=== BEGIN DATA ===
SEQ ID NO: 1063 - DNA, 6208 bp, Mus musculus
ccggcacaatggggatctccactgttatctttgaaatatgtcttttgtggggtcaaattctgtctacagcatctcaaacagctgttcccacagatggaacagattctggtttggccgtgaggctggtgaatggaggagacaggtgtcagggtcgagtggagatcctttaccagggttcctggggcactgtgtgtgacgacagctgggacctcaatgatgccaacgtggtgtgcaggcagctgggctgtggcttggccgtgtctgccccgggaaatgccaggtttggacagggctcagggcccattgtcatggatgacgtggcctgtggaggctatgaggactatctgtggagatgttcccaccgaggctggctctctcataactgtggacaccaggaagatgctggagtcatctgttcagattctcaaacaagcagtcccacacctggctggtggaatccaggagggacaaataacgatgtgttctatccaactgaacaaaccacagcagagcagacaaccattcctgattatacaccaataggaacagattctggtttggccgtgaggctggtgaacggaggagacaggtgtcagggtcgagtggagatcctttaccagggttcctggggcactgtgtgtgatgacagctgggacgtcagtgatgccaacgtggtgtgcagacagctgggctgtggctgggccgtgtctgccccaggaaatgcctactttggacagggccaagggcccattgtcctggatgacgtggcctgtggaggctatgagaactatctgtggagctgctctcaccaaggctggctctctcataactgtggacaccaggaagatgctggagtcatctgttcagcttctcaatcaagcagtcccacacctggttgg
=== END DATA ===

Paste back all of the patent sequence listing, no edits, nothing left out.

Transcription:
SEQ ID NO: 1063 - DNA, 6208 bp, Mus musculus
ccggcacaatggggatctccactgttatctttgaaatatgtcttttgtggggtcaaattctgtctacagcatctcaaacagctgttcccacagatggaacagattctggtttggccgtgaggctggtgaatggaggagacaggtgtcagggtcgagtggagatcctttaccagggttcctggggcactgtgtgtgacgacagctgggacctcaatgatgccaacgtggtgtgcaggcagctgggctgtggcttggccgtgtctgccccgggaaatgccaggtttggacagggctcagggcccattgtcatggatgacgtggcctgtggaggctatgaggactatctgtggagatgttcccaccgaggctggctctctcataactgtggacaccaggaagatgctggagtcatctgttcagattctcaaacaagcagtcccacacctggctggtggaatccaggagggacaaataacgatgtgttctatccaactgaacaaaccacagcagagcagacaaccattcctgattatacaccaataggaacagattctggtttggccgtgaggctggtgaacggaggagacaggtgtcagggtcgagtggagatcctttaccagggttcctggggcactgtgtgtgatgacagctgggacgtcagtgatgccaacgtggtgtgcagacagctgggctgtggctgggccgtgtctgccccaggaaatgcctactttggacagggccaagggcccattgtcctggatgacgtggcctgtggaggctatgagaactatctgtggagctgctctcaccaaggctggctctctcataactgtggacaccaggaagatgctggagtcatctgttcagcttctcaatcaagcagtcccacacctggttgg